Once the order is submitted, it then goes into production. The process from the vehicle being built to on the lot is generally 4 to 8 weeks, depending on the vehicle. The ones being produced in Wentzville, MO are obviously here quicker than the ones that have to be shipped via railway.
The vehicles come to our lot via transport trucks.

When the vehicles arrive, sales consultants check to make sure there is no damage on the vehicle and then sign for approval. In the event that a vehicle has damage, it is noted and General Motors takes care of the repair. This is rare, but does happen from time to time. Once that is completed,  the keys are tagged with a stock number and the vehicle goes into our service for a delivery inspection. The inspection consists of a full inspection in which we top off fluids. In essence, the dealership is doing their due diligence to confirm that General Motors has built the vehicle up to expectations.
Once that is completed, the vehicle goes to our detail department to get cleaned up and then pictures are taken for our website. The goal is that the vehicle goes through this entire process within 2 to 3 days of arrival so it is ready to sell.


The History of Monken Automotive


In the 1960’s

In the 60’s, W. Harold Monken was a partner with David Woolbright at the Standard Gas Station in Centralia. Harold was always the hot rodder spending much time improving his vehicles and racing them at night and weekends. His brother, Wayne Monken, and father, Walter Monken, helped build a small garage/dealership that opened as Car City on November 4th, 1967 on Shattuc Road west of Centralia.

In the 1970’s

In 1971, a Japanese gentleman from Datsun was canvassing the area to find a dealer partner to represent what is today known as Nissan. Harold was interested and the business later became Car City Nissan. The 70’s were a great time to own a dealership that offered inexpensive vehicles with great gas mileage. They sold the shiny Datsun vehicles as fast as they could get them.

In the 1980’s

In the 80’s, Harold recognized a dealership trend to become bigger in order to survive. He explored adding Chrysler when Booth Motors closed. In 1987, he flew to Chicago with his attorney, Bill Crain, to close the deal with Chrysler, but had a last minute change of heart. He ultimately sold Car City Nissan to his General Manager Mike Gansauer and Mike’s father in law, Bob Cleary. In 1988, Mike & Bob purchased Meier Chevrolet and moved from Shattuc road. The business was now Car City Chevrolet Nissan. Several prominent business partners, including the Geary Family and the Cooksey Family were investors.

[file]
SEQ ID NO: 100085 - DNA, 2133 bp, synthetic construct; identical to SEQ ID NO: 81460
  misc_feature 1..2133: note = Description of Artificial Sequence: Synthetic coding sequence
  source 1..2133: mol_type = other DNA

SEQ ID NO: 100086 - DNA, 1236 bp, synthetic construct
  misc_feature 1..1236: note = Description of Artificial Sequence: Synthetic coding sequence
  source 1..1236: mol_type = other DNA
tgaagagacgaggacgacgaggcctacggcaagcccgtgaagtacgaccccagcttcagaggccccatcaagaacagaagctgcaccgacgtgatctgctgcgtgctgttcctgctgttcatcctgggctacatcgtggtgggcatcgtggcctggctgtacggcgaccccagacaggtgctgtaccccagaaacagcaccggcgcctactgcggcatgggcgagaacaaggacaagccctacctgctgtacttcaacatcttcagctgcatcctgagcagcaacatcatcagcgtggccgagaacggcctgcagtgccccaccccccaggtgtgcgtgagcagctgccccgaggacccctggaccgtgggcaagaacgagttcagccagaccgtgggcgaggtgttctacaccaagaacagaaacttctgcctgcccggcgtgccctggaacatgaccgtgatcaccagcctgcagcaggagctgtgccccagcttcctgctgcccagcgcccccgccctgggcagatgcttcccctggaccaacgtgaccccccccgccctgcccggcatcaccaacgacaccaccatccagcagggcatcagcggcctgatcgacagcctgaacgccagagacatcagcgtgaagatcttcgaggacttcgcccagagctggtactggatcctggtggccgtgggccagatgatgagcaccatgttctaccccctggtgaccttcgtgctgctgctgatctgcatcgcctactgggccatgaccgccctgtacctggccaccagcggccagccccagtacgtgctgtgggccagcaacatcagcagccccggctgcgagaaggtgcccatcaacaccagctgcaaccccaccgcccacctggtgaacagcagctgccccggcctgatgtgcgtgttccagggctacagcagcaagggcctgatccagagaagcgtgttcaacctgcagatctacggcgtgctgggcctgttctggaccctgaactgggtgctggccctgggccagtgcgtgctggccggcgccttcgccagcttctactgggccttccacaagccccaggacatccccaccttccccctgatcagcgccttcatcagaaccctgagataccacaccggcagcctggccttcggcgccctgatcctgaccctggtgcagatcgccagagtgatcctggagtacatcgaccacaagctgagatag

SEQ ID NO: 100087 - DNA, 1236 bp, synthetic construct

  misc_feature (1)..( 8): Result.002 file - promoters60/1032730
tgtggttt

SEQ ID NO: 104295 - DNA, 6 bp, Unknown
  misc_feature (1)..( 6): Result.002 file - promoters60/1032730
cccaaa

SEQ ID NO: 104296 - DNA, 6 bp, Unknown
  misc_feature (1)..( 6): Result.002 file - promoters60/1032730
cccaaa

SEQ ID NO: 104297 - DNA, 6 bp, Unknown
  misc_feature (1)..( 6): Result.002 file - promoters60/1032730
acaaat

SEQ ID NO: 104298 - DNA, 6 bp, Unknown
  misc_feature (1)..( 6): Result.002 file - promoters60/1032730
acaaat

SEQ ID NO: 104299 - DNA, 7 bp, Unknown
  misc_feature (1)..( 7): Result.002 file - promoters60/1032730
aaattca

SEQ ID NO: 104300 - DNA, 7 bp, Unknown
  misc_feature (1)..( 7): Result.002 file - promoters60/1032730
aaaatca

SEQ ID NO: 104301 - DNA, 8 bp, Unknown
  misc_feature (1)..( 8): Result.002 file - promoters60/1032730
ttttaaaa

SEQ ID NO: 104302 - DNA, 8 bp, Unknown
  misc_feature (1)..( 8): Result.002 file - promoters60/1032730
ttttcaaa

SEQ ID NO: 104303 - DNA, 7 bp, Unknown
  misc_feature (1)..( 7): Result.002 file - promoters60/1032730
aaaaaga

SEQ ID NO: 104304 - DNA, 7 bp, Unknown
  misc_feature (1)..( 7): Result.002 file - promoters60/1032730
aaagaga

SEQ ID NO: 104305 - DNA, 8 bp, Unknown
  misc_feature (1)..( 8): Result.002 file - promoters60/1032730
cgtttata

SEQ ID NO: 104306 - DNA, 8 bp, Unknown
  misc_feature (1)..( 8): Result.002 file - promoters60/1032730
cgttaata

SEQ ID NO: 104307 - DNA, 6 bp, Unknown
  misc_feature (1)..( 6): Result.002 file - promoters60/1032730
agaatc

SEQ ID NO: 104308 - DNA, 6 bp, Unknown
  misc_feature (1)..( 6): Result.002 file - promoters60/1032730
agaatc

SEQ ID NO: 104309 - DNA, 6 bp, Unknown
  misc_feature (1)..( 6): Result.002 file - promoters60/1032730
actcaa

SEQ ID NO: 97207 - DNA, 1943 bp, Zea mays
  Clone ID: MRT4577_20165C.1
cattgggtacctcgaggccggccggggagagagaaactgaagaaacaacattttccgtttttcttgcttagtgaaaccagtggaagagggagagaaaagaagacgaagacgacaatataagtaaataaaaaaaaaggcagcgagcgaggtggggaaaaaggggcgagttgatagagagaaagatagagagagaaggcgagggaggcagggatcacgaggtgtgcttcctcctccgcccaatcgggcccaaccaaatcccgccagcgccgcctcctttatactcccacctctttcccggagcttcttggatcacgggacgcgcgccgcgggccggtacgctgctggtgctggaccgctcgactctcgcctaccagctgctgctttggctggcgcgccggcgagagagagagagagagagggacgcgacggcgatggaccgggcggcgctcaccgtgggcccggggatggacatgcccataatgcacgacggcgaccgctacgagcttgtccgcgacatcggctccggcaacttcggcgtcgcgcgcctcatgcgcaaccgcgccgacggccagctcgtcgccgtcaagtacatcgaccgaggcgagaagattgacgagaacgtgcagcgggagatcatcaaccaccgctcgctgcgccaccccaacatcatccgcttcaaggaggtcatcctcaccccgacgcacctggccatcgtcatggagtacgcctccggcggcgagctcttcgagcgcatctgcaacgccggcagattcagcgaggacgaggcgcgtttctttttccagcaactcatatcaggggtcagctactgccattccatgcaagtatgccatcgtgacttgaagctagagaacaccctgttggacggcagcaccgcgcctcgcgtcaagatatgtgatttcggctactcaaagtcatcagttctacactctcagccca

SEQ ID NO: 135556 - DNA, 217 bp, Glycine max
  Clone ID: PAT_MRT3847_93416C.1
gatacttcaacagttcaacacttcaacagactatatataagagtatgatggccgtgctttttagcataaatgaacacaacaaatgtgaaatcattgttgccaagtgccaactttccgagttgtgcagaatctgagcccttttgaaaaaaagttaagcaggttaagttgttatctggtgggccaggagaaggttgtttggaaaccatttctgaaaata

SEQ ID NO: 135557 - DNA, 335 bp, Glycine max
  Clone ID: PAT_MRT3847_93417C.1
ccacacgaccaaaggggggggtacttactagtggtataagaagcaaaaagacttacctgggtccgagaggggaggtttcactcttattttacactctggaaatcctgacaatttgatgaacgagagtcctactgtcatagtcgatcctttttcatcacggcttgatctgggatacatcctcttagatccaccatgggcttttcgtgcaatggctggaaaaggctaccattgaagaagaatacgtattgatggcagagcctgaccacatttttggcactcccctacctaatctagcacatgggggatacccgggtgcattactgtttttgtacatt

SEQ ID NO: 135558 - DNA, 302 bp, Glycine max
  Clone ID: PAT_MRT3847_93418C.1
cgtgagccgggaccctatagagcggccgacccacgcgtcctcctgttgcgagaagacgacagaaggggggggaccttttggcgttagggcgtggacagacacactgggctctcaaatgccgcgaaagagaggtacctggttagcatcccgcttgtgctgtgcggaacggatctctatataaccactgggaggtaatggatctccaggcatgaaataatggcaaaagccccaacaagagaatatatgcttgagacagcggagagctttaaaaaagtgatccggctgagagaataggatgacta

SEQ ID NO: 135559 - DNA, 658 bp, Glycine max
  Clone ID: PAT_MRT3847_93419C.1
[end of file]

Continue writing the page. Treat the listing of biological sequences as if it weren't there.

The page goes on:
In the 1990’s

In the early 90’s, Harold opened Car Country for a few years, and then worked for Jansen Chevrolet in Germantown. In 1996, Bruce Geary told Harold that they were ready to exit the auto business. Harold returned to Car City and asked Mike Jansen to be a business partner with him in order to purchase the dealership.

However, GM already had three dealerships in Centralia. They were Dobbs/Mahan Buick GMC, Car City Chevrolet and Seeburger Oldsmobile Cadillac. GM was strategically cutting dealers with a plan called Project 2000. GM only wanted two dealers in the Centralia market and wouldn’t approve the sale of Chevrolet. It took months to negotiate. Ultimately Chevrolet was sold to Seeburger, and Car City became Monken/Jansen Chrysler Plymouth Dodge Nissan on May 1,1997. Harold’s son, Wes Monken, joined a month later in June 1997 relocating from the Chicago area. Harold and Wes purchased out Mike Jansen in 1998 and dropped the name Jansen to become Monken Dodge Chrysler Plymouth Nissan. Later that year, Monken’s purchased the Jeep franchise from Dobbs/Mahan in Centralia.

2005 – Now

In 2005, discussions began about the Monken’s acquiring Dobbs/Mahan Buick GMC. The plan was to have Harold’s daughter, Kim Monken McMillan, run the dealership. In February of 2005, Harold was rushed to the emergency room. Our long term attorney, Marvin Miller, met us at the hospital to sign a Power of Attorney over to the family. This is how Kim learned that she was coming to work for the family! The purchase of Dobbs/Mahan Buick GMC was finalized in June of 2005. Harold had a significant leak on his mitral valve caused by an infection. He battled through three valve transplants, a stroke and ultimately passed away on July 22, 2006. With great patience and hard work, Wes and Kim found a way to make both stores thrive. In late 2013, Lance Marcum son-in-law to Kim, joins the team. Monken Buick GMC purchases Schmidt Chevrolet in May of 2014 and relocates Buick GMC to the their building across from Walmart to become Monken Chevrolet Buick GMC.

In June of 2018, Monken’s purchased Tyler Toyota Buick GMC in Mt. Vernon. It is now Monken Toyota Buick GMC.  The dealership has been adding employees and expecting a high level of customer service.  The sales associates are non-commissioned and further solidify our move to transparent market based pricing.  Our inventory is growing daily in the Toyota and GM showrooms. Monken Automotive now has 9 brands in 3 locations with Buick GMC in both the Centralia and Mt. Vernon stores.

What is Monken Blog?

The Monken blog has been reconstructed and we are ready to go.

Our bloggers  for Monken Automotive will be Wes Monken, Kim McMillan, Lance Marcum and Ryan Williams.

We will be posting once a week, on topics related the automotive industry,  vehicle ownership tips, vehicle reviews, Monken employees and our local community.

Feel free to comment on any of our blogs, or e-mail any of us with your thoughts.

Hall Brother’s Racing Team presents Raminator-May 30th

Hall Brother’s racing teams is proud to present The Raminator. The team will be coming to Monken Chrysler Nissan, 1739 W. McCord St. Centralia, Illinois on May 30th, 2015. Come bring your family and friends out for an exciting day. Pictures will be taken from 10:00am-12:00pm and the CAR CRUSHING starts at 1:00pm. There will also be a bounce house for the children curiosity of Kim’s Party Jumps. For more information please call 545-5100 or visit monken1.com.